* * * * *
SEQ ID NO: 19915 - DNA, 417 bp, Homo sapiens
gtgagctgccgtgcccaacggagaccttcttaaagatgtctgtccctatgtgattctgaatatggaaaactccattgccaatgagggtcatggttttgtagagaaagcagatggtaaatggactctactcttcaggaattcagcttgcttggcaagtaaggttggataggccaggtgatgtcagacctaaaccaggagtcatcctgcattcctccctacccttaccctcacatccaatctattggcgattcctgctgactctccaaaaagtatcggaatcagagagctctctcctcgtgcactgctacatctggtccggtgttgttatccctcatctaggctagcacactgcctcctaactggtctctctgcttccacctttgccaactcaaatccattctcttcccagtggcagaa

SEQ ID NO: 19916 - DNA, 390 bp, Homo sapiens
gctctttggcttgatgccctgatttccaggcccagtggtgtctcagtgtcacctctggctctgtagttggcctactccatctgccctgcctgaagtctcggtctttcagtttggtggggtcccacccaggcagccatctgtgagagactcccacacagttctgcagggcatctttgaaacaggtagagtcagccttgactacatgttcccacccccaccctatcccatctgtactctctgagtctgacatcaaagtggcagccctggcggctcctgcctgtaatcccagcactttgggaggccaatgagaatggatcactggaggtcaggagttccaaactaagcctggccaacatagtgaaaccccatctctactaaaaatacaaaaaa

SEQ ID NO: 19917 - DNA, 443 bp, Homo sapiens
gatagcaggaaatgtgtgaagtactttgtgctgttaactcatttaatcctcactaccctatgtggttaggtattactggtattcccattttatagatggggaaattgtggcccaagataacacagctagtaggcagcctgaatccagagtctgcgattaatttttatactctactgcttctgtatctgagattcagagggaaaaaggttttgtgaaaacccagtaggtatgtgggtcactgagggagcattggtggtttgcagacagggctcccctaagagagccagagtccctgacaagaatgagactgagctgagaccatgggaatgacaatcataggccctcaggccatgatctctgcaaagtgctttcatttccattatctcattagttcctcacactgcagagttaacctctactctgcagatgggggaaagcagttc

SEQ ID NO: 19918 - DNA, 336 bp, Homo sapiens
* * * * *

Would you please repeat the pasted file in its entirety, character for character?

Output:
SEQ ID NO: 19915 - DNA, 417 bp, Homo sapiens
gtgagctgccgtgcccaacggagaccttcttaaagatgtctgtccctatgtgattctgaatatggaaaactccattgccaatgagggtcatggttttgtagagaaagcagatggtaaatggactctactcttcaggaattcagcttgcttggcaagtaaggttggataggccaggtgatgtcagacctaaaccaggagtcatcctgcattcctccctacccttaccctcacatccaatctattggcgattcctgctgactctccaaaaagtatcggaatcagagagctctctcctcgtgcactgctacatctggtccggtgttgttatccctcatctaggctagcacactgcctcctaactggtctctctgcttccacctttgccaactcaaatccattctcttcccagtggcagaa

SEQ ID NO: 19916 - DNA, 390 bp, Homo sapiens
gctctttggcttgatgccctgatttccaggcccagtggtgtctcagtgtcacctctggctctgtagttggcctactccatctgccctgcctgaagtctcggtctttcagtttggtggggtcccacccaggcagccatctgtgagagactcccacacagttctgcagggcatctttgaaacaggtagagtcagccttgactacatgttcccacccccaccctatcccatctgtactctctgagtctgacatcaaagtggcagccctggcggctcctgcctgtaatcccagcactttgggaggccaatgagaatggatcactggaggtcaggagttccaaactaagcctggccaacatagtgaaaccccatctctactaaaaatacaaaaaa

SEQ ID NO: 19917 - DNA, 443 bp, Homo sapiens
gatagcaggaaatgtgtgaagtactttgtgctgttaactcatttaatcctcactaccctatgtggttaggtattactggtattcccattttatagatggggaaattgtggcccaagataacacagctagtaggcagcctgaatccagagtctgcgattaatttttatactctactgcttctgtatctgagattcagagggaaaaaggttttgtgaaaacccagtaggtatgtgggtcactgagggagcattggtggtttgcagacagggctcccctaagagagccagagtccctgacaagaatgagactgagctgagaccatgggaatgacaatcataggccctcaggccatgatctctgcaaagtgctttcatttccattatctcattagttcctcacactgcagagttaacctctactctgcagatgggggaaagcagttc

SEQ ID NO: 19918 - DNA, 336 bp, Homo sapiens